The Secret Importance of Readability

The importance of readability in a novel is an exhaustive conversation, but a necessary one for writers wanting to sell books. Word processing and editing programs offer a wide variety of grade level and reading ease scales to determine who might be able to read and understand your work. Some writers analyze this closely while… Read more »

creating engaging characters

#5onFri: Five Tips for Creating Engaging Characters

We love, hate, and cry over fictional characters. They can be our best friends, first loves, and most inspiring mentors. So how can we, as writers, make sure our stories are populated by characters readers care about? It’s not enough to have so-so characters, and we definitely don’t want them to be flat or boring…. Read more »

A Deep Dive into Short Forms: Playwriting

My next few articles will act as a deep dive into specific short form works. We’ll examine a piece from each short form and look into its inner workings to find the path to success in our own short form pieces. I confess that I don’t regularly read plays. I’m not a theater maven. And… Read more »

Lights Out: James Scott Bell’s Signpost Scene #11

Hi writing warriors, and welcome back to studying and understanding James Scott Bell’s genius breakdown of a plot’s 14 signpost scenes (as discussed in his craft book Super Structure)!  If you recall from my last month’s column—featuring Signpost Scene #10, Mounting Forces—we’ve forged forward into the last act of the story. In other words, it’s… Read more »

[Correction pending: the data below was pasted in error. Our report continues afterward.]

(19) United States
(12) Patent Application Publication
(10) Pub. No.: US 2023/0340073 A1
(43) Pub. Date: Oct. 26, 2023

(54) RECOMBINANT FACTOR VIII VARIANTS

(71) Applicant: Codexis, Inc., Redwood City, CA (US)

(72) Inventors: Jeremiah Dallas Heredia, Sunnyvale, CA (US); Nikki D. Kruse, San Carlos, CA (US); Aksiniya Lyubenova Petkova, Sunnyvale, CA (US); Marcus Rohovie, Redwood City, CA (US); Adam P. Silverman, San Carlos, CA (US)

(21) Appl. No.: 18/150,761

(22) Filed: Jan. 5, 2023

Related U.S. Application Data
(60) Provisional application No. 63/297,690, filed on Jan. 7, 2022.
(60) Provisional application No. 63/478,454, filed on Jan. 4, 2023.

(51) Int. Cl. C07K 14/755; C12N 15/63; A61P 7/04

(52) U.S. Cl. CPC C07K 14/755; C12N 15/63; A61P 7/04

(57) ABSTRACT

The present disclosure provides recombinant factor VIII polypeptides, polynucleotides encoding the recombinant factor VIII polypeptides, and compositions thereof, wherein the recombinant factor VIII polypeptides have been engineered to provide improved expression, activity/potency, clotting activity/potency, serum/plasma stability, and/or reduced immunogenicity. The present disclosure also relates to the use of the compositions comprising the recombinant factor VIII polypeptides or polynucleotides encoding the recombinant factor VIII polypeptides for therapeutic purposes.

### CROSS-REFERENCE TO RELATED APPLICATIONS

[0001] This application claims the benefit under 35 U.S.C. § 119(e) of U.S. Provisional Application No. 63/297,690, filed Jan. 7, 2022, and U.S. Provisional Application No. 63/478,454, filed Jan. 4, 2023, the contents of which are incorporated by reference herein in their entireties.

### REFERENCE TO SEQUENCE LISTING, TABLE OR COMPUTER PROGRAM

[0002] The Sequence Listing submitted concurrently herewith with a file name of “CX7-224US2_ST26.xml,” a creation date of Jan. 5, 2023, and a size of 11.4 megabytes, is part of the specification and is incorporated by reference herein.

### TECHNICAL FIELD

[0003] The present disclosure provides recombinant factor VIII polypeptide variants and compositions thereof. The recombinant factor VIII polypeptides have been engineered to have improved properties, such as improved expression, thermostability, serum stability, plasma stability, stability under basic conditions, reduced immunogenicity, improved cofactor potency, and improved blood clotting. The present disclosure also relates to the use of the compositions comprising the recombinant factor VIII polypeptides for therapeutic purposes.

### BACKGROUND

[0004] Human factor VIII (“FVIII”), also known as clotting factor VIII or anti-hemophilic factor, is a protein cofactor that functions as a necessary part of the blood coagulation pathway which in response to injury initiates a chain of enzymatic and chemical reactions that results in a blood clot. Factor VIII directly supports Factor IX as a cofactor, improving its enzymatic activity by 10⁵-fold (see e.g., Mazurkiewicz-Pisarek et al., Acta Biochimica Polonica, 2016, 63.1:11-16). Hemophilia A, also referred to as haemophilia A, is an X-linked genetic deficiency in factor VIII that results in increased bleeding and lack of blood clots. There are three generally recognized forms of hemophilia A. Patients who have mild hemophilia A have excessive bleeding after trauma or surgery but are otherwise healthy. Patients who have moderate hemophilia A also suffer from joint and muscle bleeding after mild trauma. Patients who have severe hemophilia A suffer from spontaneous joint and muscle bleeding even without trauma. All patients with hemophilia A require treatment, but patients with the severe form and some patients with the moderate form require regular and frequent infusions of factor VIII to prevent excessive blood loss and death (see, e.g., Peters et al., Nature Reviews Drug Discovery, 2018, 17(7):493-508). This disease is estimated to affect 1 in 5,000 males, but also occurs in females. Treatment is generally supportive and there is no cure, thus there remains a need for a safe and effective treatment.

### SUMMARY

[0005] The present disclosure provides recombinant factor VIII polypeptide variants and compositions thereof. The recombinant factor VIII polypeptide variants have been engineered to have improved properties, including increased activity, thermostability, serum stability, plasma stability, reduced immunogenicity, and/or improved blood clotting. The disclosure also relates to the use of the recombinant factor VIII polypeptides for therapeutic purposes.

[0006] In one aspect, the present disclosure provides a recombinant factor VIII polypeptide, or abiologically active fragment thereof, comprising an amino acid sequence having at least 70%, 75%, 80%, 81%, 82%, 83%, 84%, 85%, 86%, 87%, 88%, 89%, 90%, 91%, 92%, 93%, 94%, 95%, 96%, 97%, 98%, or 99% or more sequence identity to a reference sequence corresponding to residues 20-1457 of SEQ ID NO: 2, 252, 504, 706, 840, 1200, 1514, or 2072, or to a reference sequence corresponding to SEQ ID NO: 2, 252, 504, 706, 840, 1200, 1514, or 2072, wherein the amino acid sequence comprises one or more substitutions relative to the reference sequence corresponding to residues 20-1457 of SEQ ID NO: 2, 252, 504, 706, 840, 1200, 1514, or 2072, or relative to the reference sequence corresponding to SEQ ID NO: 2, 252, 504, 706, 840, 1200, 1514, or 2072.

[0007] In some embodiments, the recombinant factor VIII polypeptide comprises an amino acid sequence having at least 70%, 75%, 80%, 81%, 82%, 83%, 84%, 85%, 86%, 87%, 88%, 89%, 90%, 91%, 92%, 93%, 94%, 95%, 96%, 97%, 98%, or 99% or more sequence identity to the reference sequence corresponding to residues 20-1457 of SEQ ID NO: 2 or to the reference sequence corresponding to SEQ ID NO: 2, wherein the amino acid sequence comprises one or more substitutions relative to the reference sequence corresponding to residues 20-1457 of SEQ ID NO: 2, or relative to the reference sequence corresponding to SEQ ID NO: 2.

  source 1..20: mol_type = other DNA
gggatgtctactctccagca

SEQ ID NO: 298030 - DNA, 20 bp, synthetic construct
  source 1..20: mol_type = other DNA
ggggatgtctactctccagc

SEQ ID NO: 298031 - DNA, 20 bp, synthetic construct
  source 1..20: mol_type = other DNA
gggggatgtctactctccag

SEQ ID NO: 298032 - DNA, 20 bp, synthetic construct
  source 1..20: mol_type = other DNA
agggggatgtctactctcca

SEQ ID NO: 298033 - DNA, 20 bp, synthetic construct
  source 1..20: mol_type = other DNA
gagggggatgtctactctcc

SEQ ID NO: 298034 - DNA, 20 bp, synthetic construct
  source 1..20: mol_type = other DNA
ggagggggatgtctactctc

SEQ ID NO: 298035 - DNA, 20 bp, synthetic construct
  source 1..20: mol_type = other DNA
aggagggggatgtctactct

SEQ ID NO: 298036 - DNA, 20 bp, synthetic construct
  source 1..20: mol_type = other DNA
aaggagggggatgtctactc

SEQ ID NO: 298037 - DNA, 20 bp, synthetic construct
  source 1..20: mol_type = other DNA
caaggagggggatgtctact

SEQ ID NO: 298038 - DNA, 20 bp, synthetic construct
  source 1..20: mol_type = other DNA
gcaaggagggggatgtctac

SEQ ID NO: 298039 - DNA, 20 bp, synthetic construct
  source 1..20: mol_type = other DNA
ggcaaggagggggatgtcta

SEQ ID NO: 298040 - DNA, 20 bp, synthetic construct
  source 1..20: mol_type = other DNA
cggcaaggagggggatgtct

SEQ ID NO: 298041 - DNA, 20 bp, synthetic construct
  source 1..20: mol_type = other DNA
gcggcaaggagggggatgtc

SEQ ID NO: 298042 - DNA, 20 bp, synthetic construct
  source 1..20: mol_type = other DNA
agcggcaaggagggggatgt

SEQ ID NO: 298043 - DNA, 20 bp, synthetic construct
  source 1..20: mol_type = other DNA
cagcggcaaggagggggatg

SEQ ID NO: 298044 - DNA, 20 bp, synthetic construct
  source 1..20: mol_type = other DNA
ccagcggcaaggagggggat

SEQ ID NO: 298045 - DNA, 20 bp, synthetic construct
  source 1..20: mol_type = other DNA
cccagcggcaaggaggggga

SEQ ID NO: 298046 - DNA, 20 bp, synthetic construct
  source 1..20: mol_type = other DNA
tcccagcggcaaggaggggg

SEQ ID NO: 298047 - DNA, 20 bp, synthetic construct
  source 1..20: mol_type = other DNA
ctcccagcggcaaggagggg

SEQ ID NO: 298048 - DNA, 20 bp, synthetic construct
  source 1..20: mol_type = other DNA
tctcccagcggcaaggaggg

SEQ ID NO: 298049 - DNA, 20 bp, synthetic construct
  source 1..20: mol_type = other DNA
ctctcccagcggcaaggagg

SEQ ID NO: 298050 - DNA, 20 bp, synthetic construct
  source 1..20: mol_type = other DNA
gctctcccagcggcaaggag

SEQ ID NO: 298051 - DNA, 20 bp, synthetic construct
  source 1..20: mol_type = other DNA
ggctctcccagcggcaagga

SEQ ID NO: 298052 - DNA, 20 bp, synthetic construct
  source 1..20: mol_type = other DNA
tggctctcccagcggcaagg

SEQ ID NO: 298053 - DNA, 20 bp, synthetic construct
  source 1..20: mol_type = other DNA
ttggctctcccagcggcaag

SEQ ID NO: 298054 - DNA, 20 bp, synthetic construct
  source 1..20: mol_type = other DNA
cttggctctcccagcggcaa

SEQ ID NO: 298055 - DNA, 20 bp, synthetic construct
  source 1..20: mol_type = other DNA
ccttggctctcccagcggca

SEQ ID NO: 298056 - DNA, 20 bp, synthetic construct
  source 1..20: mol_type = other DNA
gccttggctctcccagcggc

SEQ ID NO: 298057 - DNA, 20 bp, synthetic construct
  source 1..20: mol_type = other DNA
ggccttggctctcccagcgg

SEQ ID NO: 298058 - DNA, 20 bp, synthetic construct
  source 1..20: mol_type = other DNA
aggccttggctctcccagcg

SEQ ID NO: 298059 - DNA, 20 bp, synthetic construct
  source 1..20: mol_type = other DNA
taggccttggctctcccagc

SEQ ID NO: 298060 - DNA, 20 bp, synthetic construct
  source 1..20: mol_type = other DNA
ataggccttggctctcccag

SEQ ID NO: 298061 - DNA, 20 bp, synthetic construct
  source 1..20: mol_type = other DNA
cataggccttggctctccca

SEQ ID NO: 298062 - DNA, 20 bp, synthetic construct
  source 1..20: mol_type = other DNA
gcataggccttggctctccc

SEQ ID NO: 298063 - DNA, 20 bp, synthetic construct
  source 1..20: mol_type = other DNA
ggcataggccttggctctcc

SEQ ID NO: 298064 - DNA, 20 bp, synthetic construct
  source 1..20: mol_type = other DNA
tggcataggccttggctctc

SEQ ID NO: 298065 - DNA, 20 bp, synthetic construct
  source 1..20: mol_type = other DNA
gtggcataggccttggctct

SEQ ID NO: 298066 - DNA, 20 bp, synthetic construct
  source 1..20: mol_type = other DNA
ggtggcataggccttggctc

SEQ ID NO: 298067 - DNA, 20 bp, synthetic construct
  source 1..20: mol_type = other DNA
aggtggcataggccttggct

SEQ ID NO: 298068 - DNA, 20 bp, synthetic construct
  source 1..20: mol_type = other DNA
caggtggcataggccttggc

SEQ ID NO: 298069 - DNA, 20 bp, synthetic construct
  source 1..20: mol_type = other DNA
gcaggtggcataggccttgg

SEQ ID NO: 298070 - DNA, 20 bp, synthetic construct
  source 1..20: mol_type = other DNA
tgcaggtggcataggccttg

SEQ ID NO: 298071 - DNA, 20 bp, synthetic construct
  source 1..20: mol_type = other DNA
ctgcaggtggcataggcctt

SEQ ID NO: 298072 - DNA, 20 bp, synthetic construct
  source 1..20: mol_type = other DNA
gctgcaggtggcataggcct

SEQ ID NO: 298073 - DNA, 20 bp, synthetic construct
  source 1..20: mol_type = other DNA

#5onFri: Five Tips for Surviving Rejection

Rejection. Nobody likes it—most writers experience it. The rejection tallies of famous books are something of a Holy Grail for writers: J.K. Rowling’s Harry Potter and the Philosopher’s Stone was rejected 14 times Margaret Mitchell’s Gone With The Wind was rejected 38 times George Orwell’s Animal Farm was rejected because “It is impossible to sell… Read more »

story inspiration from Finnish Myths

Mythic Storytelling Inspiration: The Women of the Kalevala

In the article before last, I shared the tale of one of the lesser-known Irish mythic figures, Tlachtga. This time around I’m delving into my Finnish heritage for some mythic inspiration. The Kalevala is the national epic poem of Finland, compiled and edited by scholar Elias Lönnrot in its final form in 1849. Professionally, Lönnrot… Read more »